What is the world waiting for?

When the United States invaded the sovereign nation of Iraq, it signaled a shift in our foreign policy towards the Middle East. Despite, claiming that we were going to democratize the country and rid it of nuclear weapons, the former has not really happened and the latter has been proven a myth. What remains is a country that is struggling financially, economically and socially. In the aftermath of the Iraq wars, The Islamic State of Iraq and the Levant (ISIL) has taken control of much of the country while committing atrocity after atrocity against the innocent Iraqis. As ISIL has been slowly pushed out of Syria, their retreat into Iraq requires a renewed international focus and plan of action to prevent the innocent from being targeted and harmed. The number of dead in Iraq are simply staggering. In 2014 alone, the UN Assistance Mission for Iraq (UNAMI) reported at least 12,280 civilian deaths.

 

Many Iraqis have sought refuge in the Kurdistan region of the country. This, however, raises another big concern. Iraq is one of the most landmine contaminated countries in the entire world. Kurdistan in particular is heavily mined and this is a huge problem given the number of Iraqi internally displaced persons (IDPs) and Syrian migrants fleeing across the Syrian border. Fortunately, the international community has since responded to these atrocities. On August 15th of 2015, the UN Security Council adopted Resolution 2170, which condemns “gross, systematic and widespread abuses” by both ISIL and Iraqi-affiliated groups operating in the region.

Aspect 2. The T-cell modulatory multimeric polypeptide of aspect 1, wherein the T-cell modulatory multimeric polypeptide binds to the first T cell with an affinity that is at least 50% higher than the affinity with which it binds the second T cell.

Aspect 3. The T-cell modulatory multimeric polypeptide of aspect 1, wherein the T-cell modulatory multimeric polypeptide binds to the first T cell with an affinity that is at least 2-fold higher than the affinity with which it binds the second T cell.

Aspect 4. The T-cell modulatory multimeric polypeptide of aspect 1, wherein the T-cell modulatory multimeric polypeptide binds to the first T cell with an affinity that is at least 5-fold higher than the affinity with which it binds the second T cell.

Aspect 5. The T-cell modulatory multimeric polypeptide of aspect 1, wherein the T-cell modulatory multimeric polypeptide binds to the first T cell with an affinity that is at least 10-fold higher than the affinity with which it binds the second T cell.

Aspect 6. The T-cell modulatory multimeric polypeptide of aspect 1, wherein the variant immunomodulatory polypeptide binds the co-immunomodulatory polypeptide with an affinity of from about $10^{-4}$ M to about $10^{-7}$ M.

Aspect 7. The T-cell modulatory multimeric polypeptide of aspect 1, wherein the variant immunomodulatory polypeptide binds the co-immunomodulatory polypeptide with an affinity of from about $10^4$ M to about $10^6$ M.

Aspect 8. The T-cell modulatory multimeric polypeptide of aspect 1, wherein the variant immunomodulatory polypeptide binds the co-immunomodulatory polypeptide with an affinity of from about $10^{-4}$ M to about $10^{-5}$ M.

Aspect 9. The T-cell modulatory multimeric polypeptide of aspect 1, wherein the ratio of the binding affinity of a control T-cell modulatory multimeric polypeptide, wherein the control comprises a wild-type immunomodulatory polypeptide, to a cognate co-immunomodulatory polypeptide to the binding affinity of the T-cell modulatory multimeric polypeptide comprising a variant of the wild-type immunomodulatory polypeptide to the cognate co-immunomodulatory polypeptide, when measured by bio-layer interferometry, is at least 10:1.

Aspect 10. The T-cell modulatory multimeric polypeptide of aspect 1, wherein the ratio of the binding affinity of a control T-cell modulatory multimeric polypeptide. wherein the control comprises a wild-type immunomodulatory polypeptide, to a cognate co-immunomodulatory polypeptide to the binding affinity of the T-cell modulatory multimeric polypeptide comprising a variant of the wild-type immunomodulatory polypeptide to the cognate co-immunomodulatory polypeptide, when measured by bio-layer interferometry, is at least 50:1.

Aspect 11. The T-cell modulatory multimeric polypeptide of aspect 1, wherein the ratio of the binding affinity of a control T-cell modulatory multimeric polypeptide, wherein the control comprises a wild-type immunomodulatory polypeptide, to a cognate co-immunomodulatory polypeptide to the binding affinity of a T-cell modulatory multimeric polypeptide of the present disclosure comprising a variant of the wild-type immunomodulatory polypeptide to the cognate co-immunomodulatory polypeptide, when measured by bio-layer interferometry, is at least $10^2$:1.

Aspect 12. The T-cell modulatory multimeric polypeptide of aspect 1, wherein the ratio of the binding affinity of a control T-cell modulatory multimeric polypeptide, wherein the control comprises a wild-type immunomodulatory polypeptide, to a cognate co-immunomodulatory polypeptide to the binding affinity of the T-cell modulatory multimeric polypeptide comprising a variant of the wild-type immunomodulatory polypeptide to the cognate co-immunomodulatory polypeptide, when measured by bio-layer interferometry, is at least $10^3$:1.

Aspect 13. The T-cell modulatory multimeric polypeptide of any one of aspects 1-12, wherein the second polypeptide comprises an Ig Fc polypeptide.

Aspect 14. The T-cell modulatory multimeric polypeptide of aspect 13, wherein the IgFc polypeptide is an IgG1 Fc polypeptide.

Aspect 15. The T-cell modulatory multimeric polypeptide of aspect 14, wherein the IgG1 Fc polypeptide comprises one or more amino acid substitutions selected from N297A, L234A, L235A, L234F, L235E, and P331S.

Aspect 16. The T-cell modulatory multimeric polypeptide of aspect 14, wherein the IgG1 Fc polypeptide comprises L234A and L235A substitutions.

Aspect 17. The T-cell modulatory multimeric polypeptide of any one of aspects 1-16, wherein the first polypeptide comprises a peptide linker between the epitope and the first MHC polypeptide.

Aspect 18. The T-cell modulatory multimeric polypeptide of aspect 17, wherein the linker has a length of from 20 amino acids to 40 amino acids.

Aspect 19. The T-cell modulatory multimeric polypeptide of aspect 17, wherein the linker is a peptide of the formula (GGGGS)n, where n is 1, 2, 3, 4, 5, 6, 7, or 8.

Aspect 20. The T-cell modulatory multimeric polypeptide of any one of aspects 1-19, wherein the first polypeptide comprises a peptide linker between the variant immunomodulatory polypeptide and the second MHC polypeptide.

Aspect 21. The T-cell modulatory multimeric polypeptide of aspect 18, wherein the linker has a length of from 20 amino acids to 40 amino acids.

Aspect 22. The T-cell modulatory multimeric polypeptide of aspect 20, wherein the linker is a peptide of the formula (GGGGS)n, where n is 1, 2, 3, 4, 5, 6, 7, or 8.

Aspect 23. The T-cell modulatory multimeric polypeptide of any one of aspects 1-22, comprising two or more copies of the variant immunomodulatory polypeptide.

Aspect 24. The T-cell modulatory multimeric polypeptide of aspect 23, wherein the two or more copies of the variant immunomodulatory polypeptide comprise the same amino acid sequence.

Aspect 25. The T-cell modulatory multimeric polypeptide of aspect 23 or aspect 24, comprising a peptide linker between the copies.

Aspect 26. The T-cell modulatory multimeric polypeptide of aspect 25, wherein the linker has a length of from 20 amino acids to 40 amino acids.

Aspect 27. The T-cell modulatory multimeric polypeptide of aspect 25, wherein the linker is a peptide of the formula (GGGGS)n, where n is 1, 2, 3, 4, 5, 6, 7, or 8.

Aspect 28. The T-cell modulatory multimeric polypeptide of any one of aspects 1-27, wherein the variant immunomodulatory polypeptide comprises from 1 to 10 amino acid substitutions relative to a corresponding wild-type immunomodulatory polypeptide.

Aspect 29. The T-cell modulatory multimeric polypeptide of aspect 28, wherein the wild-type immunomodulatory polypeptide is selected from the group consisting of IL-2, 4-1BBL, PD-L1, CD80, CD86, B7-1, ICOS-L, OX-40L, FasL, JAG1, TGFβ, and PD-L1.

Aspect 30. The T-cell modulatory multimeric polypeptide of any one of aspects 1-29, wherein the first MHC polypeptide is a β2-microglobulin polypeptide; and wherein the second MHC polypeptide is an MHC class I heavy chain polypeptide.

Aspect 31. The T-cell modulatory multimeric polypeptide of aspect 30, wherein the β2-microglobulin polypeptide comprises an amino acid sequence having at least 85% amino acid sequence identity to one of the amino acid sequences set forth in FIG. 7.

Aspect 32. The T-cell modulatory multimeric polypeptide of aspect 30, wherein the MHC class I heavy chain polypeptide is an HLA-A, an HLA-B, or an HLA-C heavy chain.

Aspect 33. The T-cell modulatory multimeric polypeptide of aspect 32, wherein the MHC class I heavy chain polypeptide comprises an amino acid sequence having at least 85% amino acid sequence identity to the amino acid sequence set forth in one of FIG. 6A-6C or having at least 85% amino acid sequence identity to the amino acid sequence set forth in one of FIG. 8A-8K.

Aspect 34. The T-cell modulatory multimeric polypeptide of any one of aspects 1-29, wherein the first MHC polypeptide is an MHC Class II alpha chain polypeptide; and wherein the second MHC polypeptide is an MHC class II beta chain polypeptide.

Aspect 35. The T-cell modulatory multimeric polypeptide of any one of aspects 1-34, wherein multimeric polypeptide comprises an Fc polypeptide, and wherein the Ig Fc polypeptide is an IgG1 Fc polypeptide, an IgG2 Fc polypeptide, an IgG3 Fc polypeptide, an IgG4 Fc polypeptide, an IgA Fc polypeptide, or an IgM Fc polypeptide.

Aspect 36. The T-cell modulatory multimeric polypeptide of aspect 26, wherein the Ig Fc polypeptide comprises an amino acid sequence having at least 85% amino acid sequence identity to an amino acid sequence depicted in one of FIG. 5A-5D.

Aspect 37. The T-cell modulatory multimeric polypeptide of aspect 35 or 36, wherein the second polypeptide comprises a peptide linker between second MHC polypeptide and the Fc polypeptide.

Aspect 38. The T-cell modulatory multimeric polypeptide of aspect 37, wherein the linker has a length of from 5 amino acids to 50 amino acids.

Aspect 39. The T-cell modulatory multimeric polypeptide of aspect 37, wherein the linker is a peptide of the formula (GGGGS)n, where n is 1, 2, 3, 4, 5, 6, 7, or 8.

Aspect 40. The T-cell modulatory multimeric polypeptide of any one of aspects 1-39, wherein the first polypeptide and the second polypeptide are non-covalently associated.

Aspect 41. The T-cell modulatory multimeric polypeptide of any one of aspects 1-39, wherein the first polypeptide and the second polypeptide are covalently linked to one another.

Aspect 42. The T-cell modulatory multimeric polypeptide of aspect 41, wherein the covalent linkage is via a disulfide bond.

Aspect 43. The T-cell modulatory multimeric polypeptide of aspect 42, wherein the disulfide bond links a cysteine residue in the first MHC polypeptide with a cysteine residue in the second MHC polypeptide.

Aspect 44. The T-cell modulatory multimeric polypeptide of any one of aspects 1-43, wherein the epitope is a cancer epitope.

While stopping ISIL is of paramount importance, it is equally important that the lives of civilians are protected at all costs.The number of deaths that continue to pile up is completely unacceptable and governments around the world bear a responsibility to step in. Until some sort of relative peace is established, it is essentially impossible for international organizations and NGOs to go in and give citizens much needed food, water, medical care, and other basic supplies. Now is the time for action. Not 4-5 years from now when hundreds of thousands lay dead because the international community was to scared to act.

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